Sunderland is becoming one of the world's leading cities in IT after recovering from industrial decline, according to a spokesman from the city council.
Diane Downey, who is the local authority's acting head of ICT, claimed in an article for Publicservice.co.uk that the body's ultimate goal is to use technology to provide local businesses, start-ups and entrepreneurs with on-demand IT services at the same time as creating an infrastructure in line with government standards.
She noted the council is currently rolling out a cloud platform across the city in order to give employers the opportunity to offer their staff flexible working practices, while they can also improve their IT security and simplify management processes.
Companies will be able to access IT services whenever and wherever they choose without needing to invest in new platforms or license new software, which Ms Downey explained will allow growth easily.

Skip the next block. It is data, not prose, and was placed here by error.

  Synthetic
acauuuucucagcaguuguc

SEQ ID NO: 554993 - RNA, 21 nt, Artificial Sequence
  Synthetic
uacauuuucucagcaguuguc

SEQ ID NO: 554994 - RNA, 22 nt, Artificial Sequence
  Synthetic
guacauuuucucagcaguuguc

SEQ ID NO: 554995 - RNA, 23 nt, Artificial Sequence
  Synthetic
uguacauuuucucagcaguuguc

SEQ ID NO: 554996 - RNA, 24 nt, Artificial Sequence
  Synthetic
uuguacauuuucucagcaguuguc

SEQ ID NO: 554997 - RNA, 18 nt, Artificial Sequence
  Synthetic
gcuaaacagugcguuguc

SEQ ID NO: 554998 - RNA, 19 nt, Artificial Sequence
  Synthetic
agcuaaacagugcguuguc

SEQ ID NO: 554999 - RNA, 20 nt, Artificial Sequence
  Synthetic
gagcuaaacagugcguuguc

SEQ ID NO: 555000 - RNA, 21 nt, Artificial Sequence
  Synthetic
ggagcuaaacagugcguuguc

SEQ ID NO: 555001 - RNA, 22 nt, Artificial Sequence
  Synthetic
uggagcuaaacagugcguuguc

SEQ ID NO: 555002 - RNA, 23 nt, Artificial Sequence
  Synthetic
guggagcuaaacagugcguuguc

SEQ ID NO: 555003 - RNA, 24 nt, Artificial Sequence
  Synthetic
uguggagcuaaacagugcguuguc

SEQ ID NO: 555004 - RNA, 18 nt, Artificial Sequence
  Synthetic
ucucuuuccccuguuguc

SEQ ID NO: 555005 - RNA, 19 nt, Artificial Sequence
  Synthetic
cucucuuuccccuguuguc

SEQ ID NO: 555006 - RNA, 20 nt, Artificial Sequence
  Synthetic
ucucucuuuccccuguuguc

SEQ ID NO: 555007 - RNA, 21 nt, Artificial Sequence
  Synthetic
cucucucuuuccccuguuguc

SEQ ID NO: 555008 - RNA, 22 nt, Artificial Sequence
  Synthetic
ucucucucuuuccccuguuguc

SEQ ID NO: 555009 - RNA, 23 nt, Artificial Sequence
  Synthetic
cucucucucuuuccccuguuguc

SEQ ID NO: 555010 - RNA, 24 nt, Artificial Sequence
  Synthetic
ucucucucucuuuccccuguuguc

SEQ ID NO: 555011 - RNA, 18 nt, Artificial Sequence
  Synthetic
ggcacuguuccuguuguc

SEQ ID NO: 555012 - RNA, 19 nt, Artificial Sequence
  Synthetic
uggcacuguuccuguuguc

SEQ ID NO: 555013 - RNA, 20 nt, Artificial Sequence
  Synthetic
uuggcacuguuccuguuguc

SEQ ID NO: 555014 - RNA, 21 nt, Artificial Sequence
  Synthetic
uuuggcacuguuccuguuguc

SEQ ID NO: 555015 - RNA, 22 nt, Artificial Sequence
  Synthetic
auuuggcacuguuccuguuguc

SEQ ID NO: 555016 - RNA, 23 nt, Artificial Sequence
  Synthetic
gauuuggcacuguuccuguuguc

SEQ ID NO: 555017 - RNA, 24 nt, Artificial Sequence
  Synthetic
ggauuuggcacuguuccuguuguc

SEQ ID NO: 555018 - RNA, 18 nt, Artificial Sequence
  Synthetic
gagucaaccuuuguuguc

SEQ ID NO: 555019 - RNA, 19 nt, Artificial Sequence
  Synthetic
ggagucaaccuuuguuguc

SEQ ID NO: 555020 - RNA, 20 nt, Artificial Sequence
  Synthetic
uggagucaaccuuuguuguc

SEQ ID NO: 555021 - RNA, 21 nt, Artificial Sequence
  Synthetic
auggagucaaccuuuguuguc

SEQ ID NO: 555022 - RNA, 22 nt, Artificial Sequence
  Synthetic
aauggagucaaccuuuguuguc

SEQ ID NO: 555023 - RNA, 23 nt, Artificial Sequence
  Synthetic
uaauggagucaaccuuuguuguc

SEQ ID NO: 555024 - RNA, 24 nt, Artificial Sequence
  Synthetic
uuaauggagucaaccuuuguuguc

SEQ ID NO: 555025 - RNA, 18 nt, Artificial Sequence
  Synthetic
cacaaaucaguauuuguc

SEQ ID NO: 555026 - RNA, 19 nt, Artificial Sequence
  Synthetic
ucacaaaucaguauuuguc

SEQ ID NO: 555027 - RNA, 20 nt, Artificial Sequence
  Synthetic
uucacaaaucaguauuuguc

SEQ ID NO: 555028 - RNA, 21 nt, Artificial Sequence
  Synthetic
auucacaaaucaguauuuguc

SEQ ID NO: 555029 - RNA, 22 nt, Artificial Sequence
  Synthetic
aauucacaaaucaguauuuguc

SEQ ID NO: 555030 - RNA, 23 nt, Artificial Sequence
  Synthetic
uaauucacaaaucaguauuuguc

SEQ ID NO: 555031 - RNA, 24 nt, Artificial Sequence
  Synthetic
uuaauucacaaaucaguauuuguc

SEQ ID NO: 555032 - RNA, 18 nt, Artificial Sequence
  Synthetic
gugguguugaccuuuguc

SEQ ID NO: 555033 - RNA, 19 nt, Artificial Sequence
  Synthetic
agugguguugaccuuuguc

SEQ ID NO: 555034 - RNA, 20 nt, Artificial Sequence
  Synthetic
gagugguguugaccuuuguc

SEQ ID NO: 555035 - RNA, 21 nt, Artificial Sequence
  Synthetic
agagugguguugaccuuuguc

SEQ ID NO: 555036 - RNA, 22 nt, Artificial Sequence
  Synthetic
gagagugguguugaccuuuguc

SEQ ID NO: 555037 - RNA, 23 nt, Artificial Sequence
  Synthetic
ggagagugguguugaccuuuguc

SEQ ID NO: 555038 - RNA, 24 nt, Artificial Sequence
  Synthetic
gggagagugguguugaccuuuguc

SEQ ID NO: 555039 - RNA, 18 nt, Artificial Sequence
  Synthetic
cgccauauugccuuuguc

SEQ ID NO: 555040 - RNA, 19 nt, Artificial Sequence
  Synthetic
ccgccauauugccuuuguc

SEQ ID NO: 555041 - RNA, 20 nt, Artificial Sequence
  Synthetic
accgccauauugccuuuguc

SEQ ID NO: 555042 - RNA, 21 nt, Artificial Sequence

"IT-on-demand has also been piloted in three schools in the city to help provide a consistent IT learning environment and ensure all school children in Sunderland are 'digital natives' – 100 per cent comfortable dealing with, understanding and collaborating using digital tools," the expert remarked.
Ultimately, Ms Downey stated the scheme is hoping to help Sunderland City Council evolve into a more cost-effective and innovative organisation that welcomes both flexible working and IT on-demand that others can tap into to deliver the same services to their company.
This is likely to be of particular interest to organisations in the city that are considering launching online training to their employees. By using the cloud-based platform, they too will be able to cut down on administrative costs and access important software at their convenience.
Business training is key to achieving sustainability and it doesn't have to be a hassle - with e-learning services, employees can log on to digital resources in their spare time so they can develop their work-based skills without interfering with their daily routine.
Indeed, the head of accounting company Grant Thornton Scott Barnes recently stated it is crucial for organisations to invest in internal training programmes if they are to succeed in the coming year.